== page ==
As we progress through life, we find there are certain things we can control and others we cannot. However, even with the things we can’t control, we can exercise good judgment based on facts, due diligence, historical patterns and a risk/reward calculation.
These strategies play an important role in retirement planning. When it comes to accumulation, spending and protecting your nest egg, financial analysts rely heavily on safety and probability planning strategies.
For example, a probability-based approach generally refers to investing. In other words, prices of stocks and bonds will vary over time, and as investors, we do not have control over the factors that cause those price swings – such as poor company management, a dip in sector growth, an economic decline, political instability and even global economic implications. We basically have to do our due diligence to ensure the securities we invest in are stable and well-managed, but in the end it’s a bit of a leap of faith. The markets will inevitably rise and fall and our equity investments will be impacted.
When it comes to retirement, financial advisors often recommend the following probability-based investments because they tend to be more stable and reliable:
- Investment-grade bonds
- High dividend-paying stocks
- Real estate investment trusts (REITS)
- Master limited partnerships (MLPs)
On the other hand, the safety side of the equation involves insurance products. Note that all guaranteed payouts are backed by the issuing insurer, not the Federal Deposit Insurance Corporation (FDIC) or the U.S. Treasury Department. So even though insurance products represent strategies that we consider “safe,” they are only as secure as the financial strength of the issuing insurance company.
Insurance contracts are based on insurance pools. This means they spread the risk of losing money across a wide pool of insured participants, betting that a portion of that pool will die early while others live longer. However, that risk is managed by the insurer instead of the contract owner, who is guaranteed to get paid no matter what happens in the investment markets or how many people in the insurance pool live a long time.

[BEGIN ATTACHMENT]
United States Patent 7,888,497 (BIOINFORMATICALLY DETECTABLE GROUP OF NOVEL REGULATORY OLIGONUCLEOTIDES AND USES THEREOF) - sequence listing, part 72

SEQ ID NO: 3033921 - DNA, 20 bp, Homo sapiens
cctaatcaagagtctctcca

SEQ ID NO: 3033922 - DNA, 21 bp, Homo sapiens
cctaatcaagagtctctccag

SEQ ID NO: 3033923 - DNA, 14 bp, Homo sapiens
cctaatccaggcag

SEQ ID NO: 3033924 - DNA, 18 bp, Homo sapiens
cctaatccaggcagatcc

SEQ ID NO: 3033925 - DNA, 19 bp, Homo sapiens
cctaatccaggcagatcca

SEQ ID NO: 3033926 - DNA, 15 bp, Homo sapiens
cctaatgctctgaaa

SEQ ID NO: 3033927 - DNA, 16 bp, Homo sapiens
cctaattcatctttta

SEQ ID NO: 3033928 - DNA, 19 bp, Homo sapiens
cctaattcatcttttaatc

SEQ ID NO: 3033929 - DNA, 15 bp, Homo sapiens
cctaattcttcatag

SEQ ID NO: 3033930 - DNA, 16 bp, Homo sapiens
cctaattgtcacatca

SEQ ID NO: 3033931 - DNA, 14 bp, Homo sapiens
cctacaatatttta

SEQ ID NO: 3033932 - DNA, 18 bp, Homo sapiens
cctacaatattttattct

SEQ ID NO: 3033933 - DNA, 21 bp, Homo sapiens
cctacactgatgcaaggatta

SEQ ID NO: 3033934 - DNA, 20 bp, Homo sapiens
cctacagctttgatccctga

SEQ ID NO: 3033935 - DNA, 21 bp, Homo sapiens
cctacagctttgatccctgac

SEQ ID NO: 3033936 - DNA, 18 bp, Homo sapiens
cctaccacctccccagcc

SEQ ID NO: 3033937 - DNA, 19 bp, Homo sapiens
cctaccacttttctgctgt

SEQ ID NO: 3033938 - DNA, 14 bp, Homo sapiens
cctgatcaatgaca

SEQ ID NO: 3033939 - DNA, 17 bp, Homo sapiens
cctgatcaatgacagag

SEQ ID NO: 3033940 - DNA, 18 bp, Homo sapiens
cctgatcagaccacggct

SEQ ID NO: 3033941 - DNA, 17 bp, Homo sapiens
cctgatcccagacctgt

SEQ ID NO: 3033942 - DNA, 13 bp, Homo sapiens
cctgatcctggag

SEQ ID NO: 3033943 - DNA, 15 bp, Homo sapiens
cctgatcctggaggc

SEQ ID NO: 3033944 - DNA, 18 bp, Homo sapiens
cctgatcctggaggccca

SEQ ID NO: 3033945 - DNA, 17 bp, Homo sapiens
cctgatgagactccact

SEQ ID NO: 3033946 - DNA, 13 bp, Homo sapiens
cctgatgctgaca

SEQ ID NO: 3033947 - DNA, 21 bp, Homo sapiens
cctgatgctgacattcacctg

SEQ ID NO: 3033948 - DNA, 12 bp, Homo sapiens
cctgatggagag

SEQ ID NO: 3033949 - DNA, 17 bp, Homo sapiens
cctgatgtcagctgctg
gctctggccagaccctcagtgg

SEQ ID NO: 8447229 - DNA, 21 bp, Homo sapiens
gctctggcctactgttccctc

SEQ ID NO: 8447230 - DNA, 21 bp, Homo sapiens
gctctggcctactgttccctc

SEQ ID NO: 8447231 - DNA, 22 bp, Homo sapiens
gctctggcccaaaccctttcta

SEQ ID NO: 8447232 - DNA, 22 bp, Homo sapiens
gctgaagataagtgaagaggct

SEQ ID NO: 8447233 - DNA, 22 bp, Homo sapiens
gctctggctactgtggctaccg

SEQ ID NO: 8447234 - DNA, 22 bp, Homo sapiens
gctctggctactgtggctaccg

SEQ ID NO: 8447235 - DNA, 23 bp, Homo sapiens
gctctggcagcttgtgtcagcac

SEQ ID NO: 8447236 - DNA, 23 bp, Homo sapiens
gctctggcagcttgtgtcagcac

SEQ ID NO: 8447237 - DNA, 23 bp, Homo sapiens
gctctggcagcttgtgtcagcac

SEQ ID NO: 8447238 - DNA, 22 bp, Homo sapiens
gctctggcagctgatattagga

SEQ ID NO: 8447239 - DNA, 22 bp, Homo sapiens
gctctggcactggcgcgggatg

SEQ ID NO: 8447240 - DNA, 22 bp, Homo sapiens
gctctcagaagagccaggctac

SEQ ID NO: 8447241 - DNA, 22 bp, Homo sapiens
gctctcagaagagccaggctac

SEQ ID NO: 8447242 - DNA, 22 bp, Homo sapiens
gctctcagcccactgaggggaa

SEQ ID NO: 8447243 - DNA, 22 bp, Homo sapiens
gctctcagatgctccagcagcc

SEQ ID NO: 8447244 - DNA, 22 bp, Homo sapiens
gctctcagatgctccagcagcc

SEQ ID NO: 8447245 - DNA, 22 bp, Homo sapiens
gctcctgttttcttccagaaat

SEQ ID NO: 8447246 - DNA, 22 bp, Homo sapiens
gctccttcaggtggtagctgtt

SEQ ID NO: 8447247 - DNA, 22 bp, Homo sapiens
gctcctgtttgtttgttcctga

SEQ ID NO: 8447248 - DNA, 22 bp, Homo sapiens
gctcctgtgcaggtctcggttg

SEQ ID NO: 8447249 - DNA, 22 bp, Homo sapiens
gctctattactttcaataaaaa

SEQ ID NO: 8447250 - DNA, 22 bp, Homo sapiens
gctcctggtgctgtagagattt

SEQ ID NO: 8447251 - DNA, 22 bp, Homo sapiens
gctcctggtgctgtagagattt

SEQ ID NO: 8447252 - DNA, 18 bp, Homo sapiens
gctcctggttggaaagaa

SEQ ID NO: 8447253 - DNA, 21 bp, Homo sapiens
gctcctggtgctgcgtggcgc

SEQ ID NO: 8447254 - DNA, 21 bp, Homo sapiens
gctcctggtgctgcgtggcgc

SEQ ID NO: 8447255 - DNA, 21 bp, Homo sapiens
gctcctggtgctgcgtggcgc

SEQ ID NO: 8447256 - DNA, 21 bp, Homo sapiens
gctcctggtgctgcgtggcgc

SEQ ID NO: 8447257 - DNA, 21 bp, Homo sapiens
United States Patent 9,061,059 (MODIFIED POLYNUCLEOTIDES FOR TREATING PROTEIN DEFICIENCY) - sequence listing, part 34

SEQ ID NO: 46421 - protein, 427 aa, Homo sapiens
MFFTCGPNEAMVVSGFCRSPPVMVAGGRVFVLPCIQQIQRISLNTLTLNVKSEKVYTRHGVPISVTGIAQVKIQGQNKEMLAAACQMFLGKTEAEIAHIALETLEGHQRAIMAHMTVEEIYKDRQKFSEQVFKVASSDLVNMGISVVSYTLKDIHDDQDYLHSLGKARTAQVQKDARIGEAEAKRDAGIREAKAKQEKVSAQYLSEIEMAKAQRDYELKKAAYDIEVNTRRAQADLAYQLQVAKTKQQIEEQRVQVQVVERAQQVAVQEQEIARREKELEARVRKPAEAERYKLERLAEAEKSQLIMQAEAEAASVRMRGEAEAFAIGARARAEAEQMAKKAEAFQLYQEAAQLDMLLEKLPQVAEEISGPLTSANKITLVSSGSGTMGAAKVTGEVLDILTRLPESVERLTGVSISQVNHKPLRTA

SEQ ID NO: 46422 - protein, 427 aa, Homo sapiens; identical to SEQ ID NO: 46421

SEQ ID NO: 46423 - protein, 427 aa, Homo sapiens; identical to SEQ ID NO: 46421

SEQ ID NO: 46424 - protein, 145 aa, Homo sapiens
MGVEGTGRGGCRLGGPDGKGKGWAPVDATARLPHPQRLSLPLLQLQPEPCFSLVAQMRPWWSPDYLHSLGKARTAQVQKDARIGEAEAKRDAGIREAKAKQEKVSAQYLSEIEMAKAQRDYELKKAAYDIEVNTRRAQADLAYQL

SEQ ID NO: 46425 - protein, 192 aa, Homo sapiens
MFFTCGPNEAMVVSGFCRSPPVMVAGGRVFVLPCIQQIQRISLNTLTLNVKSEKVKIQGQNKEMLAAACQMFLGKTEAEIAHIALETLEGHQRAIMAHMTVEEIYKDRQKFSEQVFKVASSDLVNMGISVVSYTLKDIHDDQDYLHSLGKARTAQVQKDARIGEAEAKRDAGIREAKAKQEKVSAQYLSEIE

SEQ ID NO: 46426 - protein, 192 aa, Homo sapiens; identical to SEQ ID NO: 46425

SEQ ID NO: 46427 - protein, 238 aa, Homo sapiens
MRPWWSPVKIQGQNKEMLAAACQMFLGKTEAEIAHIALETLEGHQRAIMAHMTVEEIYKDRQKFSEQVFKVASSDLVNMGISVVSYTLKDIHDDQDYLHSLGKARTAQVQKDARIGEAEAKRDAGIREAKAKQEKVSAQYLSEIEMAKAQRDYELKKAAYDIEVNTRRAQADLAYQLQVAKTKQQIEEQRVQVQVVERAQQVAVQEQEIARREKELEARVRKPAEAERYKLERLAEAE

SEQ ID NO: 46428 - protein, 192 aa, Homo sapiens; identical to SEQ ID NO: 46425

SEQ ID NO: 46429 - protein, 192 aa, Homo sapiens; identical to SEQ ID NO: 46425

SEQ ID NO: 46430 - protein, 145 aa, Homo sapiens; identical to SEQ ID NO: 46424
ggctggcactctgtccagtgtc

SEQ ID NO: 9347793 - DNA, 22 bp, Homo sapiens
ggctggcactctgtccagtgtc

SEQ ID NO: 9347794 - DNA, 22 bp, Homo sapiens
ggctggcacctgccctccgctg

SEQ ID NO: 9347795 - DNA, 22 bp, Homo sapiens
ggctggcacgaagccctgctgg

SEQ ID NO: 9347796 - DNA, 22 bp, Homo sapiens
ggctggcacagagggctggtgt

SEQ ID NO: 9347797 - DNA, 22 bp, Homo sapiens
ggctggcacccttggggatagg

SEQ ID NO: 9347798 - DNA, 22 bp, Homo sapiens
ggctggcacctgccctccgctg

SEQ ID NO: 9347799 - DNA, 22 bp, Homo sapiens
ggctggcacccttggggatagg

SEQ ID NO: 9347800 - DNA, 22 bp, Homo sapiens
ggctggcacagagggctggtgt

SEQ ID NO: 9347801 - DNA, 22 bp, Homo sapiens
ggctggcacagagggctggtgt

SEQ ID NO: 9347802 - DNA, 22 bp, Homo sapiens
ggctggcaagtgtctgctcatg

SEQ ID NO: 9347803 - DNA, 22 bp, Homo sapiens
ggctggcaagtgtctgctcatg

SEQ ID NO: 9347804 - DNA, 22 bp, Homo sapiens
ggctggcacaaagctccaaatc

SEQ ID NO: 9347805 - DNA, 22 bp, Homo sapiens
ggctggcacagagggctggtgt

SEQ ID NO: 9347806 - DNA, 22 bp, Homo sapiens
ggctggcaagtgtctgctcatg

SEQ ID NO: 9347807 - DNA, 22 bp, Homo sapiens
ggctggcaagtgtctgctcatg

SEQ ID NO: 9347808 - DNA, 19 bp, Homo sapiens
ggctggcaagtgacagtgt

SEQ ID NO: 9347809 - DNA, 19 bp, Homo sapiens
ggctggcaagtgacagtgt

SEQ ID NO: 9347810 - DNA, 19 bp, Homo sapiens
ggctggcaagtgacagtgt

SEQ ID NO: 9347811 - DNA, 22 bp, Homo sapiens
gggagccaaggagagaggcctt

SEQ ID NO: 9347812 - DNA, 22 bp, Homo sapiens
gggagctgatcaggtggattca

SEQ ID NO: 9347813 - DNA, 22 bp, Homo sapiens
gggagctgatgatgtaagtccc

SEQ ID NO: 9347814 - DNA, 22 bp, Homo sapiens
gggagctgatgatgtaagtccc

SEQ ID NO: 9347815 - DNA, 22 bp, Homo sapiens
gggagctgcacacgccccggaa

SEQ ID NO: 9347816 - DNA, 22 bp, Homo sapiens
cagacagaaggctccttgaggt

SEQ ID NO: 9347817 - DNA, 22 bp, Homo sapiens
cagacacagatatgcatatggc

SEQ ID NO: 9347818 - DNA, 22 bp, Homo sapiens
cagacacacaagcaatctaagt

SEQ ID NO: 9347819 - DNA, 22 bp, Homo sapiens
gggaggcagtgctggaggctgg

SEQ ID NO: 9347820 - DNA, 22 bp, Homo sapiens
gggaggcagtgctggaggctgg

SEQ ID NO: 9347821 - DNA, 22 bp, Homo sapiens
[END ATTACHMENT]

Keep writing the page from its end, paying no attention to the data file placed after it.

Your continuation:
Among safety-based vehicles, you might want to consider a long-term care insurance policy to cover expenses should you need part- or full-time caregiving in the later stages of your life. Like homeowner’s insurance, this type of contract leverages manageable premiums to pay for expenses that you might otherwise not be able to afford.
Another safety contract is an income annuity, which offers the option to pay out a steady stream of income for the rest of your life and the life of your spouse – even if the payouts far exceed the premiums you paid. This is a way of ensuring you continue to receive income even if you run out of money.
A retirement plan doesn’t have to rely on safety or probability alone – you can combine these strategies. Many retirees feel more comfortable knowing they have a growth component in their portfolio to help offset the impact of long-term inflation. And within the safety allocation, you can even combine strategies. For example, a hybrid life insurance policy that offers a long-term care benefits rider allows you to draw from the contract if you need to pay for your own long-term care, which simply reduces the death benefit for your heirs. This way you don’t have to pay for coverage you don’t need, but it’s there if you do.